After all, supporting these parents of a slain law enforcement officer who just want the truth about their son’s death and proper punishment meted out to those who are responsible for it could reflect badly on an administration that so many in the press are invested in seeing succeed — unlike what we saw in 2005, when the media was more than willing to use a grief-stricken mother to tear down a president they opposed.
And we certainly haven’t heard the liberal media establishment arguing that Ken and Josephine Terry have “absolute moral authority” that needs to be deferred to by an administration that is arguably responsible for their son’s murder — because once again, that which the Left declares to be an absolute principle must fall by the wayside when it becomes inconvenient to the accomplishment of what they have decided is a higher goal (like reelecting Obama).”
5. And I saved the best for last.
Mark Steyn at National Review:
“Courtesy of David Maraniss’s new book, we now know that yet another key prop of Barack Obama’s identity is false: His Kenyan grandfather was not brutally tortured or even non-brutally detained by his British colonial masters. The composite gram’pa joins an ever-swelling cast of characters from Barack’s “memoir” who, to put it discreetly, differ somewhat in reality from their bit parts in the grand Obama narrative. The best friend at school portrayed in Obama’s autobiography as “a symbol of young blackness” was, in fact, half Japanese, and not a close friend. The white girlfriend he took to an off-Broadway play that prompted an angry post-show exchange about race never saw the play, dated Obama in an entirely different time zone, and had no such world-historically significant conversation with him. His Indonesian step-grandfather supposedly killed by Dutch soldiers during his people’s valiant struggle against colonialism met his actual demise when he “fell off a chair at his home while trying to hang drapes.”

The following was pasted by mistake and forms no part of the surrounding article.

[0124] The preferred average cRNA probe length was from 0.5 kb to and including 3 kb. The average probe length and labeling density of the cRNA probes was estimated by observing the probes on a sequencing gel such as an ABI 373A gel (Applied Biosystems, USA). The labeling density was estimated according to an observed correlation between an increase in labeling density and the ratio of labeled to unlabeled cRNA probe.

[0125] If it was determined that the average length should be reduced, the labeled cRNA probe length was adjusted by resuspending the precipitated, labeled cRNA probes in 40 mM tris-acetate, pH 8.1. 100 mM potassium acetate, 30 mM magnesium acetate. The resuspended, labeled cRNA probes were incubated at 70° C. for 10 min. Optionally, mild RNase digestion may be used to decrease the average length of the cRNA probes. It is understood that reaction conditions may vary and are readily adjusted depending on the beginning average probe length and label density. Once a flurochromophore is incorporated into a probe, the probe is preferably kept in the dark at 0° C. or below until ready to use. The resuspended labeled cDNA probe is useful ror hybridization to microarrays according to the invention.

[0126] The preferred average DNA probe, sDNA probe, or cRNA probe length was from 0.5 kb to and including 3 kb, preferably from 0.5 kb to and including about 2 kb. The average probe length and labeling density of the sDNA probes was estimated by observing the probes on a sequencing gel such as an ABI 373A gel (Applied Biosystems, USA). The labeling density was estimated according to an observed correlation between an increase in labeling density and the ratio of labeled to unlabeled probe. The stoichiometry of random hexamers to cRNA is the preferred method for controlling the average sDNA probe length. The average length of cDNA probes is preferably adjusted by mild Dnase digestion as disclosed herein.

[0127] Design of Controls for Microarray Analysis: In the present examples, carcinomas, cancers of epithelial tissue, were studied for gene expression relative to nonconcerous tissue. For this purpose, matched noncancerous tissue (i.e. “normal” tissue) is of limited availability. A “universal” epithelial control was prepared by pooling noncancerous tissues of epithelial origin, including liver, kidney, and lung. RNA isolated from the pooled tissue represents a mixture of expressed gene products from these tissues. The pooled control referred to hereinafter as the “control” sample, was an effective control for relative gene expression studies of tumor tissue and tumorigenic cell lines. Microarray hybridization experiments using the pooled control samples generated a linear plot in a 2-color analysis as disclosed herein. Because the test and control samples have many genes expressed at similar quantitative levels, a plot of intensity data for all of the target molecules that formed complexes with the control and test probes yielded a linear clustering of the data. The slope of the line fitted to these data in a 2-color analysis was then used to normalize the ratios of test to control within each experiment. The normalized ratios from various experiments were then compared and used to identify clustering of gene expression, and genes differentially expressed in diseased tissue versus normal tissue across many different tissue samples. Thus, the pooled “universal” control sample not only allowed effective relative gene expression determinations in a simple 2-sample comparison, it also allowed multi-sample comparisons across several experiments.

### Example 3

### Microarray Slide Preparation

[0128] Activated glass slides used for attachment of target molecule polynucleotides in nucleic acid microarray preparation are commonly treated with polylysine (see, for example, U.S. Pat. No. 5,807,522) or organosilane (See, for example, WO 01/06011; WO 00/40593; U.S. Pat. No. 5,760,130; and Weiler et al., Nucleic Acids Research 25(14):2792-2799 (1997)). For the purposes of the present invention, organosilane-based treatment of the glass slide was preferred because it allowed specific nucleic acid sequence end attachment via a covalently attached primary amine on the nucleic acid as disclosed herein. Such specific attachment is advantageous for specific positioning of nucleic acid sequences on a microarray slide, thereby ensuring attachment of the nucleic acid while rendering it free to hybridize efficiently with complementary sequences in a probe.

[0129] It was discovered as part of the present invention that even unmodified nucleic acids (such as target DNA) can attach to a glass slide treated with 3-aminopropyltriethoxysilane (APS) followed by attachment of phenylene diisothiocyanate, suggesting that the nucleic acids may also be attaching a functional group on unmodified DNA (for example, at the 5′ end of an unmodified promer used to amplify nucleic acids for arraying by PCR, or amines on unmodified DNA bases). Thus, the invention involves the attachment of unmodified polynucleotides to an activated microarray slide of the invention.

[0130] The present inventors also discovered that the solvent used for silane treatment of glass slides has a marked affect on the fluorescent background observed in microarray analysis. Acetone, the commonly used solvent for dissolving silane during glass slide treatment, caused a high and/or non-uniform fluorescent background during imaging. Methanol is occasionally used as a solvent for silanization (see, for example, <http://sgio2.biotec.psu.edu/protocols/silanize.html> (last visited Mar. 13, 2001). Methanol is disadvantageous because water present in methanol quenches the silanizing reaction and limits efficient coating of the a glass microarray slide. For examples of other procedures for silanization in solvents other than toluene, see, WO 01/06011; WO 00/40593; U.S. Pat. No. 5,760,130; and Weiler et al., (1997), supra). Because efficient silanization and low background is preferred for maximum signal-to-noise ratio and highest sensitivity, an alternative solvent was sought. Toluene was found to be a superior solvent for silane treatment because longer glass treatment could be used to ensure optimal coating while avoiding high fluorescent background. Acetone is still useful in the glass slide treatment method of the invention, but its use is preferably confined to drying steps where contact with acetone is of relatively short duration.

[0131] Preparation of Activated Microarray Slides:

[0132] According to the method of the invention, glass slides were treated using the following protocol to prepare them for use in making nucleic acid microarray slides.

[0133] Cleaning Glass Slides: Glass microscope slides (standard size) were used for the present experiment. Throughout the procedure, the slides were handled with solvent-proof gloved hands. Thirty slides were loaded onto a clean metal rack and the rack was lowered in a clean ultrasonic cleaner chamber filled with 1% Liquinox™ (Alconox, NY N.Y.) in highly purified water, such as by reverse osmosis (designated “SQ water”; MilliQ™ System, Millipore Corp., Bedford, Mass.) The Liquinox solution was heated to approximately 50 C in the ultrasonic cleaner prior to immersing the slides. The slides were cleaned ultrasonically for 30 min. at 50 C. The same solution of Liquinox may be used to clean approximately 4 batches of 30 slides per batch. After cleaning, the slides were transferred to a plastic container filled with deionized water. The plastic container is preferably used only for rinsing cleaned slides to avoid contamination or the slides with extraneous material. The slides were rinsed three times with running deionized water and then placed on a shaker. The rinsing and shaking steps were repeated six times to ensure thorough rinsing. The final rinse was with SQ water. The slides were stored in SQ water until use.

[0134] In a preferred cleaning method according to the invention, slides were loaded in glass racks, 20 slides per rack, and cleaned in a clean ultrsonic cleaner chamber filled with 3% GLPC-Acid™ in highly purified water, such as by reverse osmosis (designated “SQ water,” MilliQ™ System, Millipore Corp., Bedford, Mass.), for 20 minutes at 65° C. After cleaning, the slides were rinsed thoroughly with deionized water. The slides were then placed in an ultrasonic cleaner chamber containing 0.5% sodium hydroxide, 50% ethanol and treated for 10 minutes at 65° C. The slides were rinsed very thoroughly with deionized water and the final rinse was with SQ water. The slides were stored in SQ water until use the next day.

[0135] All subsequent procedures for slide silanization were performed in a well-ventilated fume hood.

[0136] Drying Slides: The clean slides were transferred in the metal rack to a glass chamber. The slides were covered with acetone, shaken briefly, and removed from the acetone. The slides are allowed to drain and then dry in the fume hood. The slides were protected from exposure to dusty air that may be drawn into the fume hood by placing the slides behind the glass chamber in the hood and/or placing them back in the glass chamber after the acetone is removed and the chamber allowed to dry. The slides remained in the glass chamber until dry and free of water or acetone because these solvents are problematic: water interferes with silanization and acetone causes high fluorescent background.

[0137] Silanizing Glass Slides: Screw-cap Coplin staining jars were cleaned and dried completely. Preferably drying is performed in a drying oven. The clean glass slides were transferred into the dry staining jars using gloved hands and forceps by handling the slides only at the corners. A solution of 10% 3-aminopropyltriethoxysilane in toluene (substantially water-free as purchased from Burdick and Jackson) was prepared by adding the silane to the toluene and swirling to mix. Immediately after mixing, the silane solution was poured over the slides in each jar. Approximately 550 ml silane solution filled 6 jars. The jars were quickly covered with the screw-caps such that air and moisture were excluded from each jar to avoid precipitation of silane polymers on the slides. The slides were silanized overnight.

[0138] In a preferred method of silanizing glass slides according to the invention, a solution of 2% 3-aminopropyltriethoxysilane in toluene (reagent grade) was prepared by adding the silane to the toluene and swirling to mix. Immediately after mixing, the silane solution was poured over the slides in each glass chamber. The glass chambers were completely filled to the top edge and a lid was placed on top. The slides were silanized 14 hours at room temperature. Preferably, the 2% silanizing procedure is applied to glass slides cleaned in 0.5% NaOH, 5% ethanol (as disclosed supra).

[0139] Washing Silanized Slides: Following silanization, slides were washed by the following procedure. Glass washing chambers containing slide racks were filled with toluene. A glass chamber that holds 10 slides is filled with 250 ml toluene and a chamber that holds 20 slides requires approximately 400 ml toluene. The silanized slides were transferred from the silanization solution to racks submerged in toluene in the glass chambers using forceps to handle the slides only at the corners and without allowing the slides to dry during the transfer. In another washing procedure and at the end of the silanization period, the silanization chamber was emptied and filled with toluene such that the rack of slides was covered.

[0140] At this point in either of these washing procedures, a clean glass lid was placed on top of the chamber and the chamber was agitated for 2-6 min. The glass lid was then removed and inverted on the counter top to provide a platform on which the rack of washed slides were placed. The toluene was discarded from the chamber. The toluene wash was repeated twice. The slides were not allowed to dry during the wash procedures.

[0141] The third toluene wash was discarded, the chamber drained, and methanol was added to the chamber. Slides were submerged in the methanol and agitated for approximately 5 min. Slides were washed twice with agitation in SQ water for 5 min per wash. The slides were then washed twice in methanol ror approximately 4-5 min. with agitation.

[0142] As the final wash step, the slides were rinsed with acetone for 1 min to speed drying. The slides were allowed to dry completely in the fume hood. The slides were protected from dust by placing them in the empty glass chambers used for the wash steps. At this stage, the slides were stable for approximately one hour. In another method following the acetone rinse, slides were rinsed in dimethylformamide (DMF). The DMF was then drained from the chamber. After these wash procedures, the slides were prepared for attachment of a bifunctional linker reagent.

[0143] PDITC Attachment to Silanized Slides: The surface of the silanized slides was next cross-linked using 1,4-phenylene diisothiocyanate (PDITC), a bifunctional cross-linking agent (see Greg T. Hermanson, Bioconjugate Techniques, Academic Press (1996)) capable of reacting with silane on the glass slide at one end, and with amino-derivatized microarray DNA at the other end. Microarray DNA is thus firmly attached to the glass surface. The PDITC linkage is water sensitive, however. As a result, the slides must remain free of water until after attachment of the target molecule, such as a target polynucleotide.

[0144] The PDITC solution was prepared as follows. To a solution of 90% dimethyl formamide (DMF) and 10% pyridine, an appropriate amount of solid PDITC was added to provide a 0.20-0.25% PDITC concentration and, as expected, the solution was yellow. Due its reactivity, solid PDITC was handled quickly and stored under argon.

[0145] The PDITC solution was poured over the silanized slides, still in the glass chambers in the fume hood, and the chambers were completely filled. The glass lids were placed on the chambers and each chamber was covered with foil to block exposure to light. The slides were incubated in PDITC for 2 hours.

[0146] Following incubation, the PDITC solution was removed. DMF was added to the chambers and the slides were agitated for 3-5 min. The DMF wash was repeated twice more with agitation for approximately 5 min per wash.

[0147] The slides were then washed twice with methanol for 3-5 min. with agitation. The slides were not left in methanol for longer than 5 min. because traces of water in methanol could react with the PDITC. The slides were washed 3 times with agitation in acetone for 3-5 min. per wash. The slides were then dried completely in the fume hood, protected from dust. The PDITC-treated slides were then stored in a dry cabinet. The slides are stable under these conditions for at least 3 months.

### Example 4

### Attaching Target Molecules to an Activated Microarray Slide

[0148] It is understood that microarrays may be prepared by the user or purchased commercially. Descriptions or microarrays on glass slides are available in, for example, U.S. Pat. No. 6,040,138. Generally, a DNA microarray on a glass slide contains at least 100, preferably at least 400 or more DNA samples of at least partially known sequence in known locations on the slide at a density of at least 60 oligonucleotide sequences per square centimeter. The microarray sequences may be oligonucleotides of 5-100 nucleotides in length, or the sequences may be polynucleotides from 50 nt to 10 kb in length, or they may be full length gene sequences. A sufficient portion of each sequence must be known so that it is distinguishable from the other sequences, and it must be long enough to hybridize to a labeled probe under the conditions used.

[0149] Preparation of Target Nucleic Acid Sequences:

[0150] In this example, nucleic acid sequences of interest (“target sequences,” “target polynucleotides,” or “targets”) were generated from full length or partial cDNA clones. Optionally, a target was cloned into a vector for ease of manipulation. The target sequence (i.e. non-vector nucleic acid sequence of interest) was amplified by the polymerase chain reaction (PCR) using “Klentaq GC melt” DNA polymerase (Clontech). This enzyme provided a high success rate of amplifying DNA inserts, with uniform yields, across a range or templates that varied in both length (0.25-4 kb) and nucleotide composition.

David Maraniss is no right-winger, and can’t understand why boorish non-literary types have seized on his book as evidence that the president of the United States is a Grade A phony. “It is a legitimate question about where the line is in memoir,” he told Soledad O’Brien on CNN. My Oxford dictionary defines “memoir” as “an historical account or biography written from personal knowledge.” And if Obama doesn’t have “personal knowledge” of his tortured grandfather, war-hero step-grandfather, and racially obsessed theater-buff girlfriend, who does? But in recent years, the Left has turned the fake memoir into one of the most prestigious literary genres: Oprah’s Book Club recommended James Frey’s A Million Little Pieces, hailed by Bret Easton Ellis as a “heartbreaking memoir” of “poetic honesty,” but subsequently revealed to be heavy on the “poetic” and rather light on the “honesty.” The “heartbreaking memoir” of a drug-addled street punk who got tossed in the slammer after brawling with cops while high on crack with his narco-hooker girlfriend proved to be the work of some suburban Pat Boone type with a couple of parking tickets. (I exaggerate, but not as much as he did.)